I was aware that this was the afternoon that LSU would be playing Alabama in Baton Rouge and, even if I had not been, certainly all the passing SUVs with tiger tails attached to their antennas would have been a reminder. It was a Saturday back in 2008. I just had not expected the traffic to be building up so early that morning. I thought I would be going through Baton Rouge in the window of time between the tailgaters, who had probably been on the road by dawn, and the non-tailgaters, who had no reason to sit in the sun for an extra two hours before kickoff. But my estimation was wrong. Seemingly everyone was in a hurry to get to Baton Rouge that day as though they needed to stand in the shadow of Tiger Stadium while getting their game faces ready.

By the time I crossed into East Baton Rouge Parish traffic had slowed to a creep. By the Bluebonnet exit other arteries were feeding traffic to the already clogged interstate.

For the next 20 minutes or so I inched along. If the vehicles on the interstate had been an IQ test I would have been the one that did not belong in the group. Here I was heading for Marksville on the day when everyone else was gong to Baton Rouge.

But then something extraordinary happened. Suddenly I could hear approaching police sirens forcing traffic from the left lane into the middle lane where I was. Moments later a police escort whizzed by followed by buses moving at high speed. What was this prized cargo given the prerogative of having a lane to itself? It was, I realized, the Alabama football team.

As the team buses rumbled by I had an impish thought. What if I would maintain my pace in the middle lane until the last bus passed and then swing into the left lane to follow the fast moving busses through town?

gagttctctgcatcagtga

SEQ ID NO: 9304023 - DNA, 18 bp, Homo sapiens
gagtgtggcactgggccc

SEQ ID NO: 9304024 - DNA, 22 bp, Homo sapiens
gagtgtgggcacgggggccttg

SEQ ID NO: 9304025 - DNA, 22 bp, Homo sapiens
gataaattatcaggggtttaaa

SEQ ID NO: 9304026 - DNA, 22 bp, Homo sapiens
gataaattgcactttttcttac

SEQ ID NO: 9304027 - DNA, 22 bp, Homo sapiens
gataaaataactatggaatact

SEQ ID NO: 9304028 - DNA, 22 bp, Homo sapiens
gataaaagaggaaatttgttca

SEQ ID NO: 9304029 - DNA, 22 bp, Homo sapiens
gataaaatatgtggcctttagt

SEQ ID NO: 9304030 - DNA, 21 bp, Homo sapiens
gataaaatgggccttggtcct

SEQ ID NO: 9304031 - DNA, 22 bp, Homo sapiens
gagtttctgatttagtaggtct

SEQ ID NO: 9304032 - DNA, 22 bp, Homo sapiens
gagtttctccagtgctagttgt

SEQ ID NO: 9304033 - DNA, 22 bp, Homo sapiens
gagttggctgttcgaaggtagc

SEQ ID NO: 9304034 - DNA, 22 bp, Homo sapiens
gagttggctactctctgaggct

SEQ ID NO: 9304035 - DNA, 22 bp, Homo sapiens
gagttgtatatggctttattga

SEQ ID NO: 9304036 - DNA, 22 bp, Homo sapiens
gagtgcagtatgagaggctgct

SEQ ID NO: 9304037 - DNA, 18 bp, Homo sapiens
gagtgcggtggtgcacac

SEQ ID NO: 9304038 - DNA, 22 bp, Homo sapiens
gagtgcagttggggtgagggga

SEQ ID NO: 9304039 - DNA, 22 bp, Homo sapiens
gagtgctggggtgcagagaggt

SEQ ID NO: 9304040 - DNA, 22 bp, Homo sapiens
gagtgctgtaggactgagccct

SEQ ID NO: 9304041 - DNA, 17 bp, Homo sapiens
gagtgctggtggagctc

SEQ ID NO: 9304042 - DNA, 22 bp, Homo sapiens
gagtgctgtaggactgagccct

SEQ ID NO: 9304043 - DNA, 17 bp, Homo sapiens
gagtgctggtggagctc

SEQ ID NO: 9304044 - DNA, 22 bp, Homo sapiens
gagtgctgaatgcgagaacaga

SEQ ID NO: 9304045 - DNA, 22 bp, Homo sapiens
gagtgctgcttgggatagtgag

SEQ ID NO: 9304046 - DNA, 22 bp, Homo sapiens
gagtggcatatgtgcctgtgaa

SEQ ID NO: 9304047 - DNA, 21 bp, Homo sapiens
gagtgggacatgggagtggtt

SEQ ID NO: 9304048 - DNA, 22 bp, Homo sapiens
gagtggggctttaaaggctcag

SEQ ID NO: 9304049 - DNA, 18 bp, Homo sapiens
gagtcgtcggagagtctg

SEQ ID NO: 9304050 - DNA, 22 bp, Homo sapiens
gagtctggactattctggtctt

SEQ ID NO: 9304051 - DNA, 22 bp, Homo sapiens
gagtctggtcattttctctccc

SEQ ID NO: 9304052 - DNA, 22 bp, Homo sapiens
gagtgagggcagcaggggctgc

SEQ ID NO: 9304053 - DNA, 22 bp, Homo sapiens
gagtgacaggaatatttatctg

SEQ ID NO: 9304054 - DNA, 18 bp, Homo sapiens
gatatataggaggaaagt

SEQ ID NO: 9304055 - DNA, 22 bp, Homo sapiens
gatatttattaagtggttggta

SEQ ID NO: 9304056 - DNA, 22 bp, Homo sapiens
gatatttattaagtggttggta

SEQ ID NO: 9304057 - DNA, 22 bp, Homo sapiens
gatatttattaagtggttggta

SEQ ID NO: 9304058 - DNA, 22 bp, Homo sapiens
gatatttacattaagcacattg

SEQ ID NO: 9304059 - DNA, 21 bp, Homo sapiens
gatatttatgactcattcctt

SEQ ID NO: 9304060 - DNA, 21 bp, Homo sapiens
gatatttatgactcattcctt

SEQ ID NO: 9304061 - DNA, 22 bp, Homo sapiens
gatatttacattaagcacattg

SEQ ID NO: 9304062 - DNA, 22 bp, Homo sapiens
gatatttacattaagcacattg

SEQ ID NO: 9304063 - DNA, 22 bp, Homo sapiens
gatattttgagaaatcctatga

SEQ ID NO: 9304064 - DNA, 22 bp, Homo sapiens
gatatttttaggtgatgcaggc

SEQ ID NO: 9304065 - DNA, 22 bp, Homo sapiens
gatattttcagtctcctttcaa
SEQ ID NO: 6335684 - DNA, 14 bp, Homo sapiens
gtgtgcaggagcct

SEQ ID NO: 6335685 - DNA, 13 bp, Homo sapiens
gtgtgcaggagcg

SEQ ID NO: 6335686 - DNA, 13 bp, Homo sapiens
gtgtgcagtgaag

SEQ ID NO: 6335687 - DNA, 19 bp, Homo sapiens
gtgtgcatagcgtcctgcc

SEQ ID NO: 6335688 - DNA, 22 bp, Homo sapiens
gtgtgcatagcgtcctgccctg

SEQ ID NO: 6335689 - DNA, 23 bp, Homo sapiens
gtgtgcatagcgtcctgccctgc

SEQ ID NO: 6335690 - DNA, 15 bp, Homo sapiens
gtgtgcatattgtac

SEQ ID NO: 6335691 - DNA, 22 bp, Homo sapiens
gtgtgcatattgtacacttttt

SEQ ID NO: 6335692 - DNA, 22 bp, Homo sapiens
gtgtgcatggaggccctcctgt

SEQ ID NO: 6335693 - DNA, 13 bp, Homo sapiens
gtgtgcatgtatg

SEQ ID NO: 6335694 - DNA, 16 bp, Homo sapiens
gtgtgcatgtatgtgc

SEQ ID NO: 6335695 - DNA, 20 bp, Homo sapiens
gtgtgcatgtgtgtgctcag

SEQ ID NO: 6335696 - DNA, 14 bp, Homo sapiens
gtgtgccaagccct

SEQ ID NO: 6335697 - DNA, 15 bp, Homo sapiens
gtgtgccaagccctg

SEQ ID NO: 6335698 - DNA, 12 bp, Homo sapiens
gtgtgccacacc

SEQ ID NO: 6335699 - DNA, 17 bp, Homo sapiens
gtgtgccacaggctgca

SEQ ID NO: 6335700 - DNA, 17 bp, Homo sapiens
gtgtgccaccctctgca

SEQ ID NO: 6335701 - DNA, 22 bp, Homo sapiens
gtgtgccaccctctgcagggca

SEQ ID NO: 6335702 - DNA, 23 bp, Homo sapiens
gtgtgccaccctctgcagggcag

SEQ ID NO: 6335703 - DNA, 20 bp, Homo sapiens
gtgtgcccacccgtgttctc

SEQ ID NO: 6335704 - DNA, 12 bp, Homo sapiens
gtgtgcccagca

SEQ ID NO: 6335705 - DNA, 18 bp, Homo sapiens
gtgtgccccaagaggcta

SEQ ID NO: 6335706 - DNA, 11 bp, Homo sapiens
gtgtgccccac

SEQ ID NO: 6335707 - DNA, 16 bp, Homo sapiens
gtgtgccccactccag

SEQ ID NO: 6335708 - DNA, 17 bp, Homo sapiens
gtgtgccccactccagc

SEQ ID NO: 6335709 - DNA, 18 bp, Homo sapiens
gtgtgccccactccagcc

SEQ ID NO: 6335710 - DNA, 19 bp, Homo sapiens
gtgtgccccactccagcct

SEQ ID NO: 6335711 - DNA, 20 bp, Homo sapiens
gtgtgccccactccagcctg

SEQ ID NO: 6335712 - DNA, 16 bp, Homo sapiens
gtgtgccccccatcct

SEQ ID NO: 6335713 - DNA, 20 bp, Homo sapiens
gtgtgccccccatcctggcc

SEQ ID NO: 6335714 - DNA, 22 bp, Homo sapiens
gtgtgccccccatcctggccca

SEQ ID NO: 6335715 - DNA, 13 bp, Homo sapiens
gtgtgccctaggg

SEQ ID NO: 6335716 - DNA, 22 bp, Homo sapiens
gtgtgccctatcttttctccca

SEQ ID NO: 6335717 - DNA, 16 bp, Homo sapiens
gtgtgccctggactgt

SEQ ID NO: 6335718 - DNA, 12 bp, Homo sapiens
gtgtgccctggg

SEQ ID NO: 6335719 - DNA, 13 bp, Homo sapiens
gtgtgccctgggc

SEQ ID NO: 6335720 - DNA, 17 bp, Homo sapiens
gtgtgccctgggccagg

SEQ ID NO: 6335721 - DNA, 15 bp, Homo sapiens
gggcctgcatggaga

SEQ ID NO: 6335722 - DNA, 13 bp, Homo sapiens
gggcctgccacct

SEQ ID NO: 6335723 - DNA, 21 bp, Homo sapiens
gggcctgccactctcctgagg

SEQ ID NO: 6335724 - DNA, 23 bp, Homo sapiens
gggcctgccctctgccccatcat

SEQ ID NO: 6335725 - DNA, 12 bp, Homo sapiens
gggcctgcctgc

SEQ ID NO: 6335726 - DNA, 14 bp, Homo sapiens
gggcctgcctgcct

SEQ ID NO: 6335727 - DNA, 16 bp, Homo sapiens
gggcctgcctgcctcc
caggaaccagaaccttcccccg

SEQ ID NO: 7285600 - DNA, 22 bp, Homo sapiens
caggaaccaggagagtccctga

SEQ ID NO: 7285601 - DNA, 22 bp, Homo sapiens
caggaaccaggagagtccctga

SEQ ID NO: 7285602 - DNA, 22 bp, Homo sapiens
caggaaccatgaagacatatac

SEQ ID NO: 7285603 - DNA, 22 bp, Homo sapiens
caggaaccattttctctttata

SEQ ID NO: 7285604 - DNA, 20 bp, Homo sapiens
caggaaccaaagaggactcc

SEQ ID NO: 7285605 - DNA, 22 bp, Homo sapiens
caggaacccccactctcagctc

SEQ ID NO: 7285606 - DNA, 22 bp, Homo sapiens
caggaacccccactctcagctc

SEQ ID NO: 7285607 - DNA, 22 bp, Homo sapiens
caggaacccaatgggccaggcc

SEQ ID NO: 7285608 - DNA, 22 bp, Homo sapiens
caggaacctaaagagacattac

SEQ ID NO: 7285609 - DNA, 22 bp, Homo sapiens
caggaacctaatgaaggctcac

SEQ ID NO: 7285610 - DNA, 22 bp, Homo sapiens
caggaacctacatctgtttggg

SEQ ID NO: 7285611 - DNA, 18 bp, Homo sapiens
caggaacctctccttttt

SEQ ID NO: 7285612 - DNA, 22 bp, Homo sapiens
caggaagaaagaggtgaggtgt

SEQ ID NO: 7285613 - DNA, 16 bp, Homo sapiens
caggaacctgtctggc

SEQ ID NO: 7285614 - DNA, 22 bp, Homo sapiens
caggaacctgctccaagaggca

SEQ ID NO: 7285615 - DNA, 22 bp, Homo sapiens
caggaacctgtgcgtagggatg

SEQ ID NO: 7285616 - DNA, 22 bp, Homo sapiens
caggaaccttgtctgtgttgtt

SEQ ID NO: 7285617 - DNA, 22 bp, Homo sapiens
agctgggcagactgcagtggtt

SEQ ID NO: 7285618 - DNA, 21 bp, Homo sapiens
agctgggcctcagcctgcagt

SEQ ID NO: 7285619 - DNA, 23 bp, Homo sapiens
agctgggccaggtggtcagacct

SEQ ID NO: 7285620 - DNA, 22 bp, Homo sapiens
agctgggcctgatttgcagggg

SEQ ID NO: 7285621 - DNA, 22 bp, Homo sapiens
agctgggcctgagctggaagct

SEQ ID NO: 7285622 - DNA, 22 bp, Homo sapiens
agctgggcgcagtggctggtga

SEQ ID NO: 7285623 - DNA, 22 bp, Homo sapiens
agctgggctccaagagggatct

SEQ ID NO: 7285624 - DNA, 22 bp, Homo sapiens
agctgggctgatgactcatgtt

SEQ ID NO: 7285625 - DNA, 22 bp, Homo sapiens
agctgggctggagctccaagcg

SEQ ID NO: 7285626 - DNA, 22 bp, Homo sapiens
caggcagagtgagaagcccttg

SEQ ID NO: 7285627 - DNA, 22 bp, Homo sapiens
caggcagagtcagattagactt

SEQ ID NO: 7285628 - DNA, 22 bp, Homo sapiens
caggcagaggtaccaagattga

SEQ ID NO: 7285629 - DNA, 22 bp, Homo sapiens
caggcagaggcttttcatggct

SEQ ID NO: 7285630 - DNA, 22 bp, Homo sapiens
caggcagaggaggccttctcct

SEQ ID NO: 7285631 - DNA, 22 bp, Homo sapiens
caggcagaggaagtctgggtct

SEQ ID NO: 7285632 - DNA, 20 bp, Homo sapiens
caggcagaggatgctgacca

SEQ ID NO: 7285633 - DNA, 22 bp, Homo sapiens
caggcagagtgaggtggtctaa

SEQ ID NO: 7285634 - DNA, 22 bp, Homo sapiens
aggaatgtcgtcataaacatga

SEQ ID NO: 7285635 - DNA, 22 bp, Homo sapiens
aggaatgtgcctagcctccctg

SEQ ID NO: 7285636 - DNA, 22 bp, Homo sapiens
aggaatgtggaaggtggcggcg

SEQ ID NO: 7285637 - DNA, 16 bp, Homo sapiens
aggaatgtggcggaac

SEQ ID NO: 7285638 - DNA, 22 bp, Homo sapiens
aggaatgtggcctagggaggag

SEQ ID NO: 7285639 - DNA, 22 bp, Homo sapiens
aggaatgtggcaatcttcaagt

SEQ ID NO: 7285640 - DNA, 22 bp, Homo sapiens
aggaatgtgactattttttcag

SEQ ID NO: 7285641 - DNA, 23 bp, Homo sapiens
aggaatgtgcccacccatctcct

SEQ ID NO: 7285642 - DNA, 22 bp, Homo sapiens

That’s what I did and it worked perfectly. Way up front in this caravan I envisioned Alabama coach Nick Saban sitting in the first seat not realizing the opportunities he was creating behind the caboose.

I sped behind the team buses across Baton Rouge as far as the Dalrymple Drive exit where the busses turned off, but so too did the game traffic. From there on I was facing an open field.

I was so please with myself was I that I called the sports talk show I had been listening to and told the radio guys what I had just done. One of them summarized it perfectly: “You were like a fullback with the Alabama line blocking for you down the field!” Exactly. And Nick Saban was leading the way.

By the time I was driving back that evening the game was still being played so traffic was no problem. From the high-rise that crosses the river Tiger stadium could be seen glowing to the right.

Beneath those lights a thriller was taking place. There was already an edge to the game because of Saban’s return to Baton Rouge as a visiting coach. Through four Quarters two long-time rival schools battled it out, only to go into overtime. The Tigers were valiant against the favored Crimson Tide, but lost in a heartbreaker, 27-21.

By the time the game ended I was past Gramercy heading east. Soon the Alabama busses would be back on the interstate. I owed Nick Saban a favor, but, no – he would have to find his own blocking.